themselves are working at numerous activities to ensure that their peers feel welcome and that student voices are heard and respected on our campus. Improving
the learning environment for all students is a priority. I am committed to this
goal and will continue to engage in the important conversations that are occurring about the climate here for all members of our community.

Lee C. Bollinger

March 8 2000

Students of Color Fight Racism at Univ. of Mich. with Month-Long Occupation

By Elizabeth Martinez

Since Feb. 6, the Students of Color Coalition (SCC) has occupied the
tower of the University of Michigan Union building to protest ongoing
racist practices on a campus that claims to have a longstanding commitment
to multiculturalism and diversity. These practices affect faculty, student
recruitment and retention, and curriculum. For the SCC, they are symbolized
by a secret society housed in the tower, the Michigamua.

The 100-year old Michigamua has a long history of desecrating or otherwise
mocking Native American culture. Despite a 1989 contract in which it formally pledged to cease such actions, Michigamua has continued its degradation. This includes using for itself the original, native name of the state (Michigamua, meaning Big Lake), giving members "Indian" names, and calling its office "the wigwam." 

Groups of faculty and staff have signed statements of support for the SCC. But U.M. President Lee Bollinger has met only once and inconclusively with the protesters, made misleading statements, reduced the issue to one of "space allocation," and offered no concessions. Recently he said he never would have supported the 1989 agreement if he had been on campus at the time, pointing to the society's First Amendment rights. He has called the SCC action unreasonable yet he yielded in 24 hours to an all-white group that had occupied another building to demand U.M. cease purchasing from sweatshop manufacturers.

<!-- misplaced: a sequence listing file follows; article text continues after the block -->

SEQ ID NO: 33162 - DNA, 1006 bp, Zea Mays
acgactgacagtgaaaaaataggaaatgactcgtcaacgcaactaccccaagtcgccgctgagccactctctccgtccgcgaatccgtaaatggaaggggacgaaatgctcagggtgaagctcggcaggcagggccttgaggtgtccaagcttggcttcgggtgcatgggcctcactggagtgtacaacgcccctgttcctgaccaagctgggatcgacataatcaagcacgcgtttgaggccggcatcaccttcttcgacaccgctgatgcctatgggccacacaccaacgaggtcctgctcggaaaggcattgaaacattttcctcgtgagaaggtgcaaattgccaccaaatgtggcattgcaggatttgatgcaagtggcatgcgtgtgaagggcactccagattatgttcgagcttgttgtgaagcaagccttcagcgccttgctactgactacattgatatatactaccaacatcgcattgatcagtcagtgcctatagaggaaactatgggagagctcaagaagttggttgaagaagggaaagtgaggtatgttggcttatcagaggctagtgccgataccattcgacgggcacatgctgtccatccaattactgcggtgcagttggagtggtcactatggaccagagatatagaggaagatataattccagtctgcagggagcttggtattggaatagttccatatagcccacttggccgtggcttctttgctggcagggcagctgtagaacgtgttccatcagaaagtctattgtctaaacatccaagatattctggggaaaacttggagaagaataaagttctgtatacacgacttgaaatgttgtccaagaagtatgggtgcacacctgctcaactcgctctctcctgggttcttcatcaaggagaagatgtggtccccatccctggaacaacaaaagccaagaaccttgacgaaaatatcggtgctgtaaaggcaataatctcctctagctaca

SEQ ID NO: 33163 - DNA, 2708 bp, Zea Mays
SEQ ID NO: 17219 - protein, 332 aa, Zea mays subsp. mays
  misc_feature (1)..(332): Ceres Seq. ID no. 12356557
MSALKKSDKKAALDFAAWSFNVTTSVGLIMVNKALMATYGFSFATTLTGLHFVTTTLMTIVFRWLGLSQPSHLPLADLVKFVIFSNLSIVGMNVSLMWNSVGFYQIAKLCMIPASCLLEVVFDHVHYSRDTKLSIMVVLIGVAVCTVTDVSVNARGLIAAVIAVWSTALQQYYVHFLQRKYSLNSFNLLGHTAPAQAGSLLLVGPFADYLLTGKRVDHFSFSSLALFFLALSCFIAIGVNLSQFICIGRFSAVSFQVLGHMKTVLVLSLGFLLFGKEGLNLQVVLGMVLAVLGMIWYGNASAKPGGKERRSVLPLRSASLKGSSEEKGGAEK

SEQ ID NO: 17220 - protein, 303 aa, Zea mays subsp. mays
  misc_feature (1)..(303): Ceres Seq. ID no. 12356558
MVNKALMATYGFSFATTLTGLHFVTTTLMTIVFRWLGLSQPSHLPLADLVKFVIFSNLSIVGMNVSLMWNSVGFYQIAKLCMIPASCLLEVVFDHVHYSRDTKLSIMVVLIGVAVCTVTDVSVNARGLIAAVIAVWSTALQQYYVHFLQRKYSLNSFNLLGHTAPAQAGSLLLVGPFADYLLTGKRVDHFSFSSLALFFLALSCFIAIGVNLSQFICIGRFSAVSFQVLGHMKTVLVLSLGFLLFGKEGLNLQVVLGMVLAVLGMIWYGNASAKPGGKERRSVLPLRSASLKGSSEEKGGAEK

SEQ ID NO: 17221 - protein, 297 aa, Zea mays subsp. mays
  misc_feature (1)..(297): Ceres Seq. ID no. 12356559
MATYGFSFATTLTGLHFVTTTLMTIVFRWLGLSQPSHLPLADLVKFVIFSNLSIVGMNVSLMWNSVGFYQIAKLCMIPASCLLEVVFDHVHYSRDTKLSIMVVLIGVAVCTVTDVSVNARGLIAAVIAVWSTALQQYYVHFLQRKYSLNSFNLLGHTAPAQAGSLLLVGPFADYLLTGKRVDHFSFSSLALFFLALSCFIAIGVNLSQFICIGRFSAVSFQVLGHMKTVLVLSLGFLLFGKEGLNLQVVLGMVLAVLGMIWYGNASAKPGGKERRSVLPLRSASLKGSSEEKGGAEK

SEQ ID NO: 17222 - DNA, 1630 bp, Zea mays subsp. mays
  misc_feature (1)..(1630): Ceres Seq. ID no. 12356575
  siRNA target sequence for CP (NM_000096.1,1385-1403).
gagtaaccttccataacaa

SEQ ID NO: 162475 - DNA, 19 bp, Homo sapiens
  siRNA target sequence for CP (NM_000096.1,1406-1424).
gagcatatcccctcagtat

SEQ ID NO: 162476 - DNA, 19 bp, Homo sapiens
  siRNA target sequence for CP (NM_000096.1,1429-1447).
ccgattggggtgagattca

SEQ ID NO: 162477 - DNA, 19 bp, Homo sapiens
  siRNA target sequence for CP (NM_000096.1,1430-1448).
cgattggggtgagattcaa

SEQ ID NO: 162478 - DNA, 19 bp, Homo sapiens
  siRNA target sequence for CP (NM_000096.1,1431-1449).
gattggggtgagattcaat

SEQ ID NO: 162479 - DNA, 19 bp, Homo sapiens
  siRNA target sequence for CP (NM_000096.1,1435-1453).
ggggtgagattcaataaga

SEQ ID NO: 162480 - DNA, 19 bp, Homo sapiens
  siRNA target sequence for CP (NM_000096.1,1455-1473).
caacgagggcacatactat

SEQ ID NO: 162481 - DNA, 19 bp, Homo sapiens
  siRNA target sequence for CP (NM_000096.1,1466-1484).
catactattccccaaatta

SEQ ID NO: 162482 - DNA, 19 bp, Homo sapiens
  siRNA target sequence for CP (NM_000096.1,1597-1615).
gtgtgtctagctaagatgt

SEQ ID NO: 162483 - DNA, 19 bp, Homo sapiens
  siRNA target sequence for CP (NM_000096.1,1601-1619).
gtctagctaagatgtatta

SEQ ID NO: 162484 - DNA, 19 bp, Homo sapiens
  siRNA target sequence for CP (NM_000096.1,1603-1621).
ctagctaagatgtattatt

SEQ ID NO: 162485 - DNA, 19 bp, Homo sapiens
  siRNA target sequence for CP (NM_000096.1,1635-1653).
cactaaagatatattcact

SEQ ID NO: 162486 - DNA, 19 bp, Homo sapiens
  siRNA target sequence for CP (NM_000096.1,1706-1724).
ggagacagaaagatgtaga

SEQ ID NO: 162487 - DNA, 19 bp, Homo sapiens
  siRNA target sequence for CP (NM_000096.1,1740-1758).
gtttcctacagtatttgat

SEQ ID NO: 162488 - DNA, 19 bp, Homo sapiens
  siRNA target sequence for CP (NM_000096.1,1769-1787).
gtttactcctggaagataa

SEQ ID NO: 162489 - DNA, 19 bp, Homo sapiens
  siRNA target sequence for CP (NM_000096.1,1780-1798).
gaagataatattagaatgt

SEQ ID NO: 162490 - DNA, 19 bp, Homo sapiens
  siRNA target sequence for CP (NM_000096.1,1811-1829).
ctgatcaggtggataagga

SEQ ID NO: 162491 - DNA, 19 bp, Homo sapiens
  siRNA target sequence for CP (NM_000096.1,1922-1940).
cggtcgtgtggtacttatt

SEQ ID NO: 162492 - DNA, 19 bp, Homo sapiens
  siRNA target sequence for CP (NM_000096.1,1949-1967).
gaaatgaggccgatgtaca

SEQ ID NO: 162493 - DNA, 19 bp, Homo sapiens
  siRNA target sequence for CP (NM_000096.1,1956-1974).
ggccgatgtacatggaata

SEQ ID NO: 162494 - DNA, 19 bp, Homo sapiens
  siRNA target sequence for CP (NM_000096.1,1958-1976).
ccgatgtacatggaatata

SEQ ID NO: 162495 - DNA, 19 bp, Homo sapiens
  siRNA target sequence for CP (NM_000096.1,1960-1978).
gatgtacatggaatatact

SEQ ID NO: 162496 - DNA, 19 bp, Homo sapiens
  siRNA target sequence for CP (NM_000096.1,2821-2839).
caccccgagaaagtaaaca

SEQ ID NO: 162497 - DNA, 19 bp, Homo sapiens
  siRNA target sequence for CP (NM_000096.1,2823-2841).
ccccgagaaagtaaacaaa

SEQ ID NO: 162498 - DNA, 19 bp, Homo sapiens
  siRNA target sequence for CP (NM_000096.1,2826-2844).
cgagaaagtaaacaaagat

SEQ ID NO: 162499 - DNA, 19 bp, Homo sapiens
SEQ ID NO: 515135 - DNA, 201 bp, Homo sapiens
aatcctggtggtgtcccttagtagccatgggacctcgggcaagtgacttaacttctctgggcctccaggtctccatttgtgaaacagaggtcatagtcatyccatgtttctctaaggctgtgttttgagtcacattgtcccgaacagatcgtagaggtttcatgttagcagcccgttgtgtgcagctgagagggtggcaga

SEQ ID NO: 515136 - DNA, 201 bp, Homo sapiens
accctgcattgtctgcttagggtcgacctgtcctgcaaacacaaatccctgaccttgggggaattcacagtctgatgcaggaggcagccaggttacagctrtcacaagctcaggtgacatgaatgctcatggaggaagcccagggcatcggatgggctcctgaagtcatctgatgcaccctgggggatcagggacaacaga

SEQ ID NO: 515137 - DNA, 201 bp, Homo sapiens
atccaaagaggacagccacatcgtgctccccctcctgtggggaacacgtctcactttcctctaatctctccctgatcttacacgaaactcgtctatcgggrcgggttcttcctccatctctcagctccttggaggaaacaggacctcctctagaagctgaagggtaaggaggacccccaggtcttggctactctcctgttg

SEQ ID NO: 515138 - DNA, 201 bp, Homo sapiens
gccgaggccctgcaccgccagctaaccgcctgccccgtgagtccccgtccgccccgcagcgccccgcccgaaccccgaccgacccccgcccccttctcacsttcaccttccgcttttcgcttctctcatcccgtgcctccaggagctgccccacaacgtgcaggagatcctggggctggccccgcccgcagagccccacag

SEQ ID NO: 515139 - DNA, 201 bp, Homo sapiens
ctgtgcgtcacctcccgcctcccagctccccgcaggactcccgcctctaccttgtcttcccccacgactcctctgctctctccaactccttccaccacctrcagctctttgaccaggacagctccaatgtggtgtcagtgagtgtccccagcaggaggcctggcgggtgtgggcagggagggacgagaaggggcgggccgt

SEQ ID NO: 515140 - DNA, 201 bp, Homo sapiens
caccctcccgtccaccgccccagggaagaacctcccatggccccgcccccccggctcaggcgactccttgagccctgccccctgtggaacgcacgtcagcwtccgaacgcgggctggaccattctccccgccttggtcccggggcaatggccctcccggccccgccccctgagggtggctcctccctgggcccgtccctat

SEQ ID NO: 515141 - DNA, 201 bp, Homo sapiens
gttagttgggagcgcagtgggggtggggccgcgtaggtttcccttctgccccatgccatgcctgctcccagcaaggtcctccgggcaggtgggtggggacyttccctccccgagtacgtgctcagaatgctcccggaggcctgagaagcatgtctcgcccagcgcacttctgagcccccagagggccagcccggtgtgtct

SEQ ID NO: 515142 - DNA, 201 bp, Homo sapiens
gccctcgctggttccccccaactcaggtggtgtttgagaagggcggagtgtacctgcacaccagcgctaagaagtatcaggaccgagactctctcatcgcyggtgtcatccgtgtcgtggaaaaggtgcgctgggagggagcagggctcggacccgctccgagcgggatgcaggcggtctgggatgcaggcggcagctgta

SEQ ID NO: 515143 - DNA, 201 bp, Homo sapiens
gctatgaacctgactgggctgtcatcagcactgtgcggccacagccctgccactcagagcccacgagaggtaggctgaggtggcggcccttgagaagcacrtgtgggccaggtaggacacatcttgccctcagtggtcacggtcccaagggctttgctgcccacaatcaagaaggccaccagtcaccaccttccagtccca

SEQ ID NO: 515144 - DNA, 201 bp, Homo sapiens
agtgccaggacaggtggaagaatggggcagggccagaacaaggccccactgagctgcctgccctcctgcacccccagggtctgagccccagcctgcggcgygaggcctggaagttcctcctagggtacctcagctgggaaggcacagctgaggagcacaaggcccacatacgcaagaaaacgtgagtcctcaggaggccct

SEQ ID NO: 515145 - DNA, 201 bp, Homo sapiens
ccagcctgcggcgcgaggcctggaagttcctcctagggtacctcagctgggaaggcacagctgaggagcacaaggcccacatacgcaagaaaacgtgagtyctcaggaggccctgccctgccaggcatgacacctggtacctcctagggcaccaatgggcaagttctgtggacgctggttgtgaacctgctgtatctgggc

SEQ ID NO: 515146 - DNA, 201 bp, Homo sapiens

As of March 7, students expect police action at any time. Meanwhile, five to 
seven students continue to occupy the tower office. Students of color and supporters have carried out many creative, militant actions to support their demands. In a single day, they took over the microphone at a lecture about to be given by President Bollinger on the First Amendment, and read a statement. Later some 70 SCC members and supporters crowded the lawn of Bollinger's home and held a barbecue, with balloons and signs on display. At a basketball game with UM and Purdue that evening, supporters crowded the court at halftime, holding up a
banner that said STOP RACISM and gave the SCC's unofficial web site address.

The SCC began with a protest at the Martin Luther King, Jr. Day Symposium; when Henry Louis Gates was to give the keynote address, students took over the microphone and called on the administration to live up to its multicultural commitment. With the occupation, the SCC is demanding that the university cease supporting Michigamua by providing it with exclusive use of space in the tower (other student groups have to apply annually for space).

But SCC concerns reach much farther than that. It has presented a detailed list of problems in every arena of campus life that require action.  One area is the faculty of color. The enrolled undergraduate students of color totaled 26% in 1996 and graduate students of color were 23%. Yet out of 1,305 full professors in 1998, 42 were African American, 68 were Latino, and one was Native American. Just 1% were women of color in 1996. Among the 2,660 tenured or tenure-track instructors, 15% were of color in 1998.  They included 128 Black and 68 Latino teachers. Women of color provided 4% of that category. In the professional schools the ratios are even worse: in the Law School, for example, with 21% students of color in 1996 there was a grand total of 8% tenured or tenure-track faculty of color with 2 two of them black faculty.

As for curriculum, the Ethnic Studies situation is grim. It is not possible to get an M.A. or Ph.D even in the long established African and African American Studies program. In the case of Asian Pacific American, Latino and Native American Studies, each is housed under the American Culture Program and students cannot major in any of those ethnic studies components. Latino Studies has two tenured faculty, each spending only half-time there. The Director is on leave next semester; no arrangements have been made to fill the position.

And so it goes, with many other deficiencies listed. Most have been addressed by previous protests, and remain unresolved. The students need support!